May 2, 2012
UPDATE: Woo! Featured on Kotaku last night! Thanks to everyone for your kind comments and suggestions for what to do with the bottle. I think I’m going to try and auction the bottle off, giving the proceeds to Child’s Play. It seems like the right thing to do. I’ll have more details on that soon…
Also, I’ve got Tidebringer Rum posters in the works. Check ‘em out!
Here’s something that I’ve been working on for a couple months now, and it feels good to finally put it out into the world. May I present a long lost bottle of Admiral Kunkka’s 100 Proof Tidebringer Rum from his private reserve. Smooth, strong, and guaranteed to put fire in your belly.
I’ve made a weird hobby out of video game/real world crossovers. I don’t really know why I wanted to make Admiral Kunkka’s Tidebringer Rum so badly, but I was so in love with the idea that I worked on it pretty much non-stop on a weekend back in March. The design progressed really quickly, starting out as just a quick mock up of the idea and growing into a near-finished state (at least as far as concept is concerned) in about 24 hours.
With the basic elements finished, it was time to go back and produce a high resolution version. For the illustration, I tried to recreate the feeling of an old woodblock or lithograph print. This was probably the hardest part of the whole process, as my figure drawing skills are kind of meh and trying to reproduce that antique etching style was difficult. I also spent an outrageous amount of time hand drawing all the text on the bottle in a rough and loose style to simulate the irregularities of primitive printing methods. It’s hard to see in the finished version because it’s so small, but I think you’d notice if it wasn’t there.
I printed the design out using my boring old laser printer, creasing it and carefully scraping away the toner with sand paper or a finger nail. Then I distressed it using the time honoured tea-bag method several times with varying intensity. It was tough to strike a balance between distress and legibility, and I actually went through a couple of botched labels before I finished one that I liked. At this point, the label looked great, but the bottle itself was far too clean and perfect looking. I ground up some grey artist’s chalk and applied it to the top faces of the bottle using a makeup brush to simulate the dust that would collect after years of sitting on a shelf in storage.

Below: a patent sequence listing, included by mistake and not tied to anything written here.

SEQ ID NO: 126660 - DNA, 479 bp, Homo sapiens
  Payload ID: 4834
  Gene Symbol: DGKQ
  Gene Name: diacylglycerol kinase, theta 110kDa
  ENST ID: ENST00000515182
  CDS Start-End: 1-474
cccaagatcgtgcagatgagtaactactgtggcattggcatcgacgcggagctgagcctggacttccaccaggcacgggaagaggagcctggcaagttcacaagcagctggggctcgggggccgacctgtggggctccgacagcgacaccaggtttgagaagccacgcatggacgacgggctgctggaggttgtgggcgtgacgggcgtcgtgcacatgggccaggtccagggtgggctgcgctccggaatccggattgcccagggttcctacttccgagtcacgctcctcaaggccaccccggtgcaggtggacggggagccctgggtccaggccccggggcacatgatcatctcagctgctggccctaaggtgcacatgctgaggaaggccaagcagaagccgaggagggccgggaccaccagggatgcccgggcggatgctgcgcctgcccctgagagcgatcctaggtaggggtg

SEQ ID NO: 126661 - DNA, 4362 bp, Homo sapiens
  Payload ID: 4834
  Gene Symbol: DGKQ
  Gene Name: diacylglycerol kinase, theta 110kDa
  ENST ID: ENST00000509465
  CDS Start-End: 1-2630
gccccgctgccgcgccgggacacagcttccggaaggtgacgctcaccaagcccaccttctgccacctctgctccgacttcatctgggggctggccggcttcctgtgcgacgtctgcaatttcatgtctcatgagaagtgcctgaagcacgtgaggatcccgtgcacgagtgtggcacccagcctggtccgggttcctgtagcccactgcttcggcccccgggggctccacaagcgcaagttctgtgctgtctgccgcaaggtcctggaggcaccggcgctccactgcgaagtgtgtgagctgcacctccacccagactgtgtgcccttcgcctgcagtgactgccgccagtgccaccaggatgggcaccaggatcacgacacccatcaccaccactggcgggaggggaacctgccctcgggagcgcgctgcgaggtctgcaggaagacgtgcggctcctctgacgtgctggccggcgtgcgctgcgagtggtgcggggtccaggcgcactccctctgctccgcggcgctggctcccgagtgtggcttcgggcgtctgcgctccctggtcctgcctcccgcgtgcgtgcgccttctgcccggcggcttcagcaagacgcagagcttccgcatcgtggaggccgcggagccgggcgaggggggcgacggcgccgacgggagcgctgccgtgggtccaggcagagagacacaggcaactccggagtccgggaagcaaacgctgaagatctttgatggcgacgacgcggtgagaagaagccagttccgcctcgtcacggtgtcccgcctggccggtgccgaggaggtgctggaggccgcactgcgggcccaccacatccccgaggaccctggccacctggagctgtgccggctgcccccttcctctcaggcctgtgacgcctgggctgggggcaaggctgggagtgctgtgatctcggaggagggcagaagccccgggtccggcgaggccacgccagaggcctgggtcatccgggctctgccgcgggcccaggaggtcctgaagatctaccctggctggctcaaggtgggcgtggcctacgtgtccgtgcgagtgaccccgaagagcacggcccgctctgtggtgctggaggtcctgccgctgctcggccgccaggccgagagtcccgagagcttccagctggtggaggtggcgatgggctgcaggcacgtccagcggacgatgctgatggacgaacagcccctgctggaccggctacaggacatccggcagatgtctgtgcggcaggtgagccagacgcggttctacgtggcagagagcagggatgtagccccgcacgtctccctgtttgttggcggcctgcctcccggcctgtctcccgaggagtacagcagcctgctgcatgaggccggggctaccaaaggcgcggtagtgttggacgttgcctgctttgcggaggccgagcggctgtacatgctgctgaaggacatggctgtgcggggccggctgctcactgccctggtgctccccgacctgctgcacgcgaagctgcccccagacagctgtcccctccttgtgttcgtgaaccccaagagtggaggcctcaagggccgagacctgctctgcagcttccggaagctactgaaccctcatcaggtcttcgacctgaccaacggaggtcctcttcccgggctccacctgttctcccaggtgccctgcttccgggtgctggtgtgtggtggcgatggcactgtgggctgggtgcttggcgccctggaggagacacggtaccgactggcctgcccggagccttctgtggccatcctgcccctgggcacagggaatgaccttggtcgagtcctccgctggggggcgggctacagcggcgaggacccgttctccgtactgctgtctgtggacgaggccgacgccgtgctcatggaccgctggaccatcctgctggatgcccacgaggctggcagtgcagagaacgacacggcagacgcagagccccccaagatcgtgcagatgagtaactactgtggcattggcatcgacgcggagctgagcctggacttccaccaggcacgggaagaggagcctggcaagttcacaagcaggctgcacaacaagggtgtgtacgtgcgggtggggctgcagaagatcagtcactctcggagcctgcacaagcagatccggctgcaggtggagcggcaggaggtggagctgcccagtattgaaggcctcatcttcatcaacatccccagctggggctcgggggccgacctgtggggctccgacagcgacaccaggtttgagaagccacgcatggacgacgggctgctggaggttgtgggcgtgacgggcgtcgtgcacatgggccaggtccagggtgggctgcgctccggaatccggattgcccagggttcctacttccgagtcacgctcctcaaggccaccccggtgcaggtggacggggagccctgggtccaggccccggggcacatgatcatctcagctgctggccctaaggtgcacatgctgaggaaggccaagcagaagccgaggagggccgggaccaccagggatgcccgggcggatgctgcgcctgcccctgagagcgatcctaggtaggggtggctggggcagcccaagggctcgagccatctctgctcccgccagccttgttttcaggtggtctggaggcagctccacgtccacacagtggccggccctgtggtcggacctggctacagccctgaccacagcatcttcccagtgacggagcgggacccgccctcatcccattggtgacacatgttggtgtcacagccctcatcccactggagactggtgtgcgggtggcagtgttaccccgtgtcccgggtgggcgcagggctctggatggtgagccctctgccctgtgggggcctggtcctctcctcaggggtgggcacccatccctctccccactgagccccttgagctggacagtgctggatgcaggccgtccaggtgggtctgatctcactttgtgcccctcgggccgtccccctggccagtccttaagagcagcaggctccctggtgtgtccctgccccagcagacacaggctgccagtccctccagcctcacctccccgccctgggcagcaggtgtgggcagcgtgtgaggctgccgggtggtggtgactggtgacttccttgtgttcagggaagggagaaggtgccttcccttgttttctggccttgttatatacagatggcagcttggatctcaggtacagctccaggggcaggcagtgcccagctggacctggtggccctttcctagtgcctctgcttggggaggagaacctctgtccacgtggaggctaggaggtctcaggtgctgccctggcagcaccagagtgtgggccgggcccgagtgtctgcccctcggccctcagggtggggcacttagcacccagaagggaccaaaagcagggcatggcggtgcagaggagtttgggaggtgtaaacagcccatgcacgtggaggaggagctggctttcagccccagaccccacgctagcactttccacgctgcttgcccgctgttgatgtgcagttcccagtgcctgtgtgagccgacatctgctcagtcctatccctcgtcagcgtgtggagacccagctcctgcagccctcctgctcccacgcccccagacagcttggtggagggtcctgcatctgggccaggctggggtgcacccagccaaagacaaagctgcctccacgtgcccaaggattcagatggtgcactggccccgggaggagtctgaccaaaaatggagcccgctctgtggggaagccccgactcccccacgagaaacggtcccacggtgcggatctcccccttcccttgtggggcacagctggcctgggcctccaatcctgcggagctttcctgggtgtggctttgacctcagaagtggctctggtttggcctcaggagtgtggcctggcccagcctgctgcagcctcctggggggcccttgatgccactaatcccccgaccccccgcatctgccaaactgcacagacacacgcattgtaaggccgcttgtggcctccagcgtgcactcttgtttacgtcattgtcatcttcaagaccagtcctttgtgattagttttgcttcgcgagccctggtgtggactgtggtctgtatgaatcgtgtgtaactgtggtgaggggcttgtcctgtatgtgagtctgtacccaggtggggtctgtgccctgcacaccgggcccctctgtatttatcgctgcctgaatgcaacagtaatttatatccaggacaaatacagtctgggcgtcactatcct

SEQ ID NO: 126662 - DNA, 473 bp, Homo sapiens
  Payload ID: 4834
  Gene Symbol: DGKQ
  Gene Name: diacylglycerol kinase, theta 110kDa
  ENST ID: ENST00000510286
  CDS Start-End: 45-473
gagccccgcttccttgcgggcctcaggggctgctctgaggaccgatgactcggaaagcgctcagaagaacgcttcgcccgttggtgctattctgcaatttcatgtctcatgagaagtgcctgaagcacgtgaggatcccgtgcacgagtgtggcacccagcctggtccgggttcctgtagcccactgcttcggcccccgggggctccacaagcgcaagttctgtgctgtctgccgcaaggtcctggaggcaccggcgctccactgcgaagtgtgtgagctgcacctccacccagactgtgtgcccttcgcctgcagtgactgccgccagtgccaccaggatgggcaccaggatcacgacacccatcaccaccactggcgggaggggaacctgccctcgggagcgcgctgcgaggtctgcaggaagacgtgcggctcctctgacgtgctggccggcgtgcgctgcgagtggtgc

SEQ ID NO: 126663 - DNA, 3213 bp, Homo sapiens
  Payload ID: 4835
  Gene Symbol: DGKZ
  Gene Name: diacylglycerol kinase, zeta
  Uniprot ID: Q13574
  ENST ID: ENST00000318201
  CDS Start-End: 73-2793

I’ve recently discovered that custom rubber stamps are both relatively cheap to manufacture and excellent at adding an extra level of “authenticity”, so the early designs featured a stamp of approval. But, I really wanted to take this concept to the next level, and a simple 2D rubber stamp wasn’t going to cut it. After doing a bunch of research, I decided to order a custom wax seal stamper and some bottling wax to give it that old fashioned feel. The wax was a real pain to work with and clean up, but I’m happy with how it turned out.
To capture that nautical vibe in the pictures, I picked up twelve feet of 1 inch manilla rope from a nearby sailing supply store and headed down to the lakeshore on a cold April night. Turns out that all the docks were either cement or metal, but I found an old, weathered picnic table that would do just as well. You can see my setup here, including the small flashlight I use to help my camera autofocus in the dark.
And that’s it. I don’t know what to do with the bottle itself, right now it’s on display on my bookshelf, but I’m open to suggestions. Sound off in the comments with your ideas.
Edit: A bunch of people have asked if they can purchase this bottle, or a bottle like it. I don’t have any plans to make more, but I’m looking in to auctioning off the original and donating the proceeds to Child’s Play. Seems like a win/win situation.
For those interested, I’ve also drafted up an 18×24 print version that’s available for pre-order over at the store.
Here’s a few more pictures from the shoot:
And here are some wallpaper sized pictures for y’all: